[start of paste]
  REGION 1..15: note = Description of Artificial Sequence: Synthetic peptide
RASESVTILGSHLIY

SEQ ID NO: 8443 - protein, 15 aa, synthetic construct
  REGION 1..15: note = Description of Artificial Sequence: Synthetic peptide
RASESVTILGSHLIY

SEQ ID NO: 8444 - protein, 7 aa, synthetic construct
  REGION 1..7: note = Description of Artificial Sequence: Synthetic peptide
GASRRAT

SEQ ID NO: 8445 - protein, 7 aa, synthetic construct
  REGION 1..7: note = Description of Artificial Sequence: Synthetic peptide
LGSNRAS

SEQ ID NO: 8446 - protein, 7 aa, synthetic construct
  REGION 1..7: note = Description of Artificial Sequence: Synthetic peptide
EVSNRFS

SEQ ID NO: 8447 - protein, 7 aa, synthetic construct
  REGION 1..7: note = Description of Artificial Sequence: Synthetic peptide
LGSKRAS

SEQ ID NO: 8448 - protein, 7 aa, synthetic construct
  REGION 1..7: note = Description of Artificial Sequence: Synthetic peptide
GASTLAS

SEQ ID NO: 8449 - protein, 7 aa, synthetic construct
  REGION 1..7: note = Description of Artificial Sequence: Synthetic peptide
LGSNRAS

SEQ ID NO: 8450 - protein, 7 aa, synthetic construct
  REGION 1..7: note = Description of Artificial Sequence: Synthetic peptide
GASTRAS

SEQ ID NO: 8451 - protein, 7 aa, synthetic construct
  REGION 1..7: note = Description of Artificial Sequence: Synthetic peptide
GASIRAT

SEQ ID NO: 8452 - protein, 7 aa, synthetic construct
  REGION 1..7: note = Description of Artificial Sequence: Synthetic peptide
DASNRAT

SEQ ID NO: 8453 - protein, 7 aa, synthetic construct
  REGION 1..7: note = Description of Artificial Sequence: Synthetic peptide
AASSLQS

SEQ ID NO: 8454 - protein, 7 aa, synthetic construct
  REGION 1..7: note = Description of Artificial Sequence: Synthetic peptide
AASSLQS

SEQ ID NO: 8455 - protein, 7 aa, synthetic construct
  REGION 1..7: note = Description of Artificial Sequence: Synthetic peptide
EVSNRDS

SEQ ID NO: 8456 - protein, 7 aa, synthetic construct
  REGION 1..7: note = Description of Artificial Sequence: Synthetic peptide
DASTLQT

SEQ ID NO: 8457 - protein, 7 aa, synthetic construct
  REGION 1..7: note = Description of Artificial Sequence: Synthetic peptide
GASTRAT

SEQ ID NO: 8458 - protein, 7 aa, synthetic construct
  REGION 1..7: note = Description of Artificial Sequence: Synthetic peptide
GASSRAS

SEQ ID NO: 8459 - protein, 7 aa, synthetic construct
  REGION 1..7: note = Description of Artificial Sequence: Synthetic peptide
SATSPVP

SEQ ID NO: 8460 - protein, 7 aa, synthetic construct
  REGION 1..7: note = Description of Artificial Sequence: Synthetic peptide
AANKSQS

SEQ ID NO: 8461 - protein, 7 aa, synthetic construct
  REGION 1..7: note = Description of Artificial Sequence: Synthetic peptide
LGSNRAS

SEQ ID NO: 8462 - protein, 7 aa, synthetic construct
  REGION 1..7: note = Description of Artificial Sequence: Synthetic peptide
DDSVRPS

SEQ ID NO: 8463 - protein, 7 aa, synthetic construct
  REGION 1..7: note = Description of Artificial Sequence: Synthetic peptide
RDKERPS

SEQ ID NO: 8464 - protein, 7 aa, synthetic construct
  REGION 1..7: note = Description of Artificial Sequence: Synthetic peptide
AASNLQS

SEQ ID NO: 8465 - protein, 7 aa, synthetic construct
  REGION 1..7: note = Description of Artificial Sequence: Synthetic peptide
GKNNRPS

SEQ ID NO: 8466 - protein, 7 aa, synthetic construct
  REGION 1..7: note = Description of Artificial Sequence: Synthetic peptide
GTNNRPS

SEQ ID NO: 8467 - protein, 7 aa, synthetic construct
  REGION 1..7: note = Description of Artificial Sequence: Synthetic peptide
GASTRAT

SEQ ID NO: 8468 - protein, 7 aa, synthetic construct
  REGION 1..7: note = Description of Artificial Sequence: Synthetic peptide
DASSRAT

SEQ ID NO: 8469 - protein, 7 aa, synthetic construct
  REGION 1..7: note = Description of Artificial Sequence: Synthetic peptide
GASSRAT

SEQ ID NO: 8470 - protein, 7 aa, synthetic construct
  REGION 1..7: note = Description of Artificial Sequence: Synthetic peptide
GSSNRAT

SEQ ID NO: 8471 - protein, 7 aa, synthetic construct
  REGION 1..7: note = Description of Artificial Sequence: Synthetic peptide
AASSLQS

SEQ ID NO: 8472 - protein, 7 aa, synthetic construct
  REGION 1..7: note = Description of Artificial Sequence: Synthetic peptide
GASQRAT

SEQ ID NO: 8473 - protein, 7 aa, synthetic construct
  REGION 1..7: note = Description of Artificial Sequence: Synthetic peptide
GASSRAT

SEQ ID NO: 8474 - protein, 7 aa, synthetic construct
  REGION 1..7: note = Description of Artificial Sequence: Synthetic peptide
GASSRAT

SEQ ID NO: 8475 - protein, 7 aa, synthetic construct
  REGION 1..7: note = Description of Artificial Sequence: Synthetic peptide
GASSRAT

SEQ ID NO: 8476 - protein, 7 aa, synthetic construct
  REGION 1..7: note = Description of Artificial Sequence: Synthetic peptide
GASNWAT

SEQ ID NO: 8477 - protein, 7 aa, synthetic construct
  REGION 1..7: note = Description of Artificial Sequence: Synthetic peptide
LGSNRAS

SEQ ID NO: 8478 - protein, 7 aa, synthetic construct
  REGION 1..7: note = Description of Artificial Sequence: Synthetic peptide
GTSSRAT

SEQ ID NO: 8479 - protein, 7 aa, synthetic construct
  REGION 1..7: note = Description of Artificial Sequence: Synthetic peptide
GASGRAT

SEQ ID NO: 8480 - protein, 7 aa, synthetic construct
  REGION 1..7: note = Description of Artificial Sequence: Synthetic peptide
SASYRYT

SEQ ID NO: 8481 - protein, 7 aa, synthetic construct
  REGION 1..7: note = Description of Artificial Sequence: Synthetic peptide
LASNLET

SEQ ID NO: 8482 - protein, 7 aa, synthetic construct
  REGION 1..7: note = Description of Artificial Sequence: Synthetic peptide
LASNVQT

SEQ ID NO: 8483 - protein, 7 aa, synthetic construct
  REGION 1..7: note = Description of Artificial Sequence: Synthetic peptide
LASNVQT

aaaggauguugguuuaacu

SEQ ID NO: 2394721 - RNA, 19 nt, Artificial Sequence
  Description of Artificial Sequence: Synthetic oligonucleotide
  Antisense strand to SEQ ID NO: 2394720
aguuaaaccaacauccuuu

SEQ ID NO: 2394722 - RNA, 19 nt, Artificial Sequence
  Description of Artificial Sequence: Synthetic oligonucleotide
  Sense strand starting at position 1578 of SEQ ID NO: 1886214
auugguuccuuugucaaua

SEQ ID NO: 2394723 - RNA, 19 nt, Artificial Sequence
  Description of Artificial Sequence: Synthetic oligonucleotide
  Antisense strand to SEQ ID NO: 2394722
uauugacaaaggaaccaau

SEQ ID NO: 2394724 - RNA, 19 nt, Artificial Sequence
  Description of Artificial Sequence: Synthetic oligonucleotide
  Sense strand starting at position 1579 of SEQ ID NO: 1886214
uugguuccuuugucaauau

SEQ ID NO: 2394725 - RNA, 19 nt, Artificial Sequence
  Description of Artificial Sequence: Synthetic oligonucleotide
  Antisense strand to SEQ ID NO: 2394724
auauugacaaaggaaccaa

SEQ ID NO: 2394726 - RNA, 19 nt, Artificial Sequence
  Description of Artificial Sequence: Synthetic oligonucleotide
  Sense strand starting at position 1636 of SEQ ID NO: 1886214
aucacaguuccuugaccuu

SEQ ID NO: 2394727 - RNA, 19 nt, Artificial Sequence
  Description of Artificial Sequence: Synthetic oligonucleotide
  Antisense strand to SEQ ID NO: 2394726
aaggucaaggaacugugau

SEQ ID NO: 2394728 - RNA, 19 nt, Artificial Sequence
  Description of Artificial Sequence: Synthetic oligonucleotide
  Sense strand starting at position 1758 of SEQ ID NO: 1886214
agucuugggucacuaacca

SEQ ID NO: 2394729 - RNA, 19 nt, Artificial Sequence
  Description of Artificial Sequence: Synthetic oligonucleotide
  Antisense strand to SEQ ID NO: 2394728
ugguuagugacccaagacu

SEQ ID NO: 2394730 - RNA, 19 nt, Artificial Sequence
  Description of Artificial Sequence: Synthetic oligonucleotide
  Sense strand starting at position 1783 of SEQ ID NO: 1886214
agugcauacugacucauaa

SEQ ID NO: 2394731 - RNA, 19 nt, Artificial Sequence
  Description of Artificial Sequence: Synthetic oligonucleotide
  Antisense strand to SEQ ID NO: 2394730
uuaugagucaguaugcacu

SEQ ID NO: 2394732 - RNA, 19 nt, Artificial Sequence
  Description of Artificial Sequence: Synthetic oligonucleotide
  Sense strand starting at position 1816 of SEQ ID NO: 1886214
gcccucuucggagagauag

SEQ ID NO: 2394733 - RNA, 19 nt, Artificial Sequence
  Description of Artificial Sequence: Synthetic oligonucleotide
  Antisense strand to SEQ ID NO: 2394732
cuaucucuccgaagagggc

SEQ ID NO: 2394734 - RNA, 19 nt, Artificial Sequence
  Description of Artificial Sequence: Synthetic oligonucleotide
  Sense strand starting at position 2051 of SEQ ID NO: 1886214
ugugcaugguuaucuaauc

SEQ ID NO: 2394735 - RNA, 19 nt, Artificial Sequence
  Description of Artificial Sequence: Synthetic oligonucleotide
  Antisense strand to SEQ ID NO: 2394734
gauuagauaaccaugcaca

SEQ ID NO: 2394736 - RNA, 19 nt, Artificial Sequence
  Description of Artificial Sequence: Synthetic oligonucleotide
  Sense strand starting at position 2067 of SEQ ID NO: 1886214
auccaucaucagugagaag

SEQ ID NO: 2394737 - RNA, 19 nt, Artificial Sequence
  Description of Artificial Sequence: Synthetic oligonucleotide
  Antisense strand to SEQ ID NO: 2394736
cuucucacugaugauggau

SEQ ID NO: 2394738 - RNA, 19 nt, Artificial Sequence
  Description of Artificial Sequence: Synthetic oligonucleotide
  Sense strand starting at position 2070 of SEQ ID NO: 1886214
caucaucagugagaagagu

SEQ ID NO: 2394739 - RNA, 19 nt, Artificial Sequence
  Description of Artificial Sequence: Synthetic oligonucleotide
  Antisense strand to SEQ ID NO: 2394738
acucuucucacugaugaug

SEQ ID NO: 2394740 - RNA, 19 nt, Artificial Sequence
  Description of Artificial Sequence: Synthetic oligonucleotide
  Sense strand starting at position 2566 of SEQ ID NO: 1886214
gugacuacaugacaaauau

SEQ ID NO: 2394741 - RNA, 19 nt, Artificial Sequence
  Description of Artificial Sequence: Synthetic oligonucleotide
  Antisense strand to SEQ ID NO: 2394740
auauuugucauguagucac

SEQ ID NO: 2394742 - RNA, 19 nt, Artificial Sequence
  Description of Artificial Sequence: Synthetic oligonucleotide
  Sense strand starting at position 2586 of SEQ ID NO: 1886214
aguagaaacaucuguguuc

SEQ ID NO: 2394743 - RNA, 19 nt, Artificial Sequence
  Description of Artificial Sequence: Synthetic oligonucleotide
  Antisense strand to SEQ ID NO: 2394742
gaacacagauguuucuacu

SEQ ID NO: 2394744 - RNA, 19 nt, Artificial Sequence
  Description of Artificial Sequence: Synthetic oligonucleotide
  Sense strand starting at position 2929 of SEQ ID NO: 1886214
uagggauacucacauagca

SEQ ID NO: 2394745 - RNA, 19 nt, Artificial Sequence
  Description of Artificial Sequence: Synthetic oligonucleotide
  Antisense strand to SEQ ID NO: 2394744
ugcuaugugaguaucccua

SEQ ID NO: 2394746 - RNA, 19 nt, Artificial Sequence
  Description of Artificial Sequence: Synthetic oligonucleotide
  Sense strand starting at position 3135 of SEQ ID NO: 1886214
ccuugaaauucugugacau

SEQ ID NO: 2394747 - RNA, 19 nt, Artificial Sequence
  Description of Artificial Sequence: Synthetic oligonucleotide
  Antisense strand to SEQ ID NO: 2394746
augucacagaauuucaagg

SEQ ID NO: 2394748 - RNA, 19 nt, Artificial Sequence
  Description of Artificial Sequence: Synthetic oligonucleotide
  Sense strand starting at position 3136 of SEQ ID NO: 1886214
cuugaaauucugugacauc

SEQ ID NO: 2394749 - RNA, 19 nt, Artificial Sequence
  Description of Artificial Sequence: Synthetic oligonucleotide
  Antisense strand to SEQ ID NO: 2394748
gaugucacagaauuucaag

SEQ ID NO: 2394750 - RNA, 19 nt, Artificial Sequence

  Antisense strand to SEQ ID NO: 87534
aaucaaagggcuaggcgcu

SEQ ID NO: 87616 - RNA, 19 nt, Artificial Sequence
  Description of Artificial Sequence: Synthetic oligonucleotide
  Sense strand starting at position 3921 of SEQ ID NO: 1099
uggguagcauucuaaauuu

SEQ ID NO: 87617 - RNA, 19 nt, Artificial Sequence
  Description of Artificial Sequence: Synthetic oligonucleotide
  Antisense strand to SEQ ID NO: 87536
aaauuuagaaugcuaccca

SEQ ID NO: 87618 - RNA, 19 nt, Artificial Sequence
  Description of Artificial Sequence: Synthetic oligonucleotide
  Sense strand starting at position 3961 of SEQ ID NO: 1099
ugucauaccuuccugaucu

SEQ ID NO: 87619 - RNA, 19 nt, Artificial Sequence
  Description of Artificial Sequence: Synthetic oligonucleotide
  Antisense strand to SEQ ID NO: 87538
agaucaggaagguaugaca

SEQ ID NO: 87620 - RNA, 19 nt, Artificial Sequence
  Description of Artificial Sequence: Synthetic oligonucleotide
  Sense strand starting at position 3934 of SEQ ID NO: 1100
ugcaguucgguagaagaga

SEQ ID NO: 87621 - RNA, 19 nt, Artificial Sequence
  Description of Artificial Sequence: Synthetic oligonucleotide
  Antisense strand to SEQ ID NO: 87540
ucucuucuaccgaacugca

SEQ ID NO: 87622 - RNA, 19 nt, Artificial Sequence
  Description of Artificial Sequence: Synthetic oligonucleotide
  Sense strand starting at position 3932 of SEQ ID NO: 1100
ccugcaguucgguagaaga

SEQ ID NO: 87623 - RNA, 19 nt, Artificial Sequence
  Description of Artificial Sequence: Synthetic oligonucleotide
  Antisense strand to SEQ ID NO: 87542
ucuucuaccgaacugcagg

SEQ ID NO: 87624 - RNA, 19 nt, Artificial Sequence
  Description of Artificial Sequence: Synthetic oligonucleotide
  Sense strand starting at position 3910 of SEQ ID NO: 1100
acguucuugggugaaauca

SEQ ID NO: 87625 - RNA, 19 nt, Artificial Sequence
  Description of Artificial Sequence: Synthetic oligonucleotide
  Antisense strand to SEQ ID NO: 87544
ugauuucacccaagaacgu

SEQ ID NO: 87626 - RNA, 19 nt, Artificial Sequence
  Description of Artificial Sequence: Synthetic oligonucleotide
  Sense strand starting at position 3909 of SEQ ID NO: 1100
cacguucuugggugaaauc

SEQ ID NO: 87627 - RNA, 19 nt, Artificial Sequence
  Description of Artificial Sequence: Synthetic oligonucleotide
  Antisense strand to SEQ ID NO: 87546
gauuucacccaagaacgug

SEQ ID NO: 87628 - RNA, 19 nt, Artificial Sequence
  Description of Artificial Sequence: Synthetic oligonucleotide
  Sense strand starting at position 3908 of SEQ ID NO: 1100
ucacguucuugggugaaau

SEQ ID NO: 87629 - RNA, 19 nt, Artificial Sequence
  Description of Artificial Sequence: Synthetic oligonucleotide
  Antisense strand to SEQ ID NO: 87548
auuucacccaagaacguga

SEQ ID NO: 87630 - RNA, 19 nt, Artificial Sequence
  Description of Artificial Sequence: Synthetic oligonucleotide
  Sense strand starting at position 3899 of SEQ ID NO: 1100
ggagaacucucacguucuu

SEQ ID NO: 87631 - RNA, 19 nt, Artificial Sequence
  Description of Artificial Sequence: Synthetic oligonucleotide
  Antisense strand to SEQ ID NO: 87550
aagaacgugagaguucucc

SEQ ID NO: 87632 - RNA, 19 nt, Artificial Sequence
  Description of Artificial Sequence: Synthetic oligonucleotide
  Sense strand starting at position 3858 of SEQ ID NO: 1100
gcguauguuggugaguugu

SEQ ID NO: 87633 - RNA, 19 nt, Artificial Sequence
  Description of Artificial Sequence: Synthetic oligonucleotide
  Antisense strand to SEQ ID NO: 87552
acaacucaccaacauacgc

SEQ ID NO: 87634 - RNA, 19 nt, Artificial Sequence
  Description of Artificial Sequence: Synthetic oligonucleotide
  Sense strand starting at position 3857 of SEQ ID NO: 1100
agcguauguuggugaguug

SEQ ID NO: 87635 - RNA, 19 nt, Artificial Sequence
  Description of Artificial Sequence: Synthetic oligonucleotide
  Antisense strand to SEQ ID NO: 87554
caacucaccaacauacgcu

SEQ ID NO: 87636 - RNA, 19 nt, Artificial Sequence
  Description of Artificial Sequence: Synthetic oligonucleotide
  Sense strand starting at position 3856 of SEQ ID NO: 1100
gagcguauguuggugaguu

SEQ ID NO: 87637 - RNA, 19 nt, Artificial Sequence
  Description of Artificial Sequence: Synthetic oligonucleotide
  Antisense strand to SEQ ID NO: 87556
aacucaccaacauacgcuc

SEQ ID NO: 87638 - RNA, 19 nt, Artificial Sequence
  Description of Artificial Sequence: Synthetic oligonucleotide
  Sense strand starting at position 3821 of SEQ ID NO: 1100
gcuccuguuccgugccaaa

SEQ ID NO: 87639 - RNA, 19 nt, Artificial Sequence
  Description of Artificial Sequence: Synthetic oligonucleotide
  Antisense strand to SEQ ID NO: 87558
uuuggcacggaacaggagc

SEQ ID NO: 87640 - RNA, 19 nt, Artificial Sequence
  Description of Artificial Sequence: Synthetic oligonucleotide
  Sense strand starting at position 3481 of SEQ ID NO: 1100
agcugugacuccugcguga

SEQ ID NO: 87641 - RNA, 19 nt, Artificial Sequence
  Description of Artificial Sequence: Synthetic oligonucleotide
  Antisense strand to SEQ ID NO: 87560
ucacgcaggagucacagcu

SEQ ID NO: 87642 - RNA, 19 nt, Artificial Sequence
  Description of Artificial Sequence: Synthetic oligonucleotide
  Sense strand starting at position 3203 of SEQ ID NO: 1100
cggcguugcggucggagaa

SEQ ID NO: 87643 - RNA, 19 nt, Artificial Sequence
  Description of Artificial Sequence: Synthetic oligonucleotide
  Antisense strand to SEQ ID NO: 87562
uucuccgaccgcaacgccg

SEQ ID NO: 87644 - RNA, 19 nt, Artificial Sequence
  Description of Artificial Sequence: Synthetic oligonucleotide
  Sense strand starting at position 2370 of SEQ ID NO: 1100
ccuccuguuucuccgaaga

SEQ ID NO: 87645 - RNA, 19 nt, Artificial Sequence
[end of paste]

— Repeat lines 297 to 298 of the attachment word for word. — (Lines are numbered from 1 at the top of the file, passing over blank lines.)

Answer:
ucacguucuugggugaaau

SEQ ID NO: 87629 - RNA, 19 nt, Artificial Sequence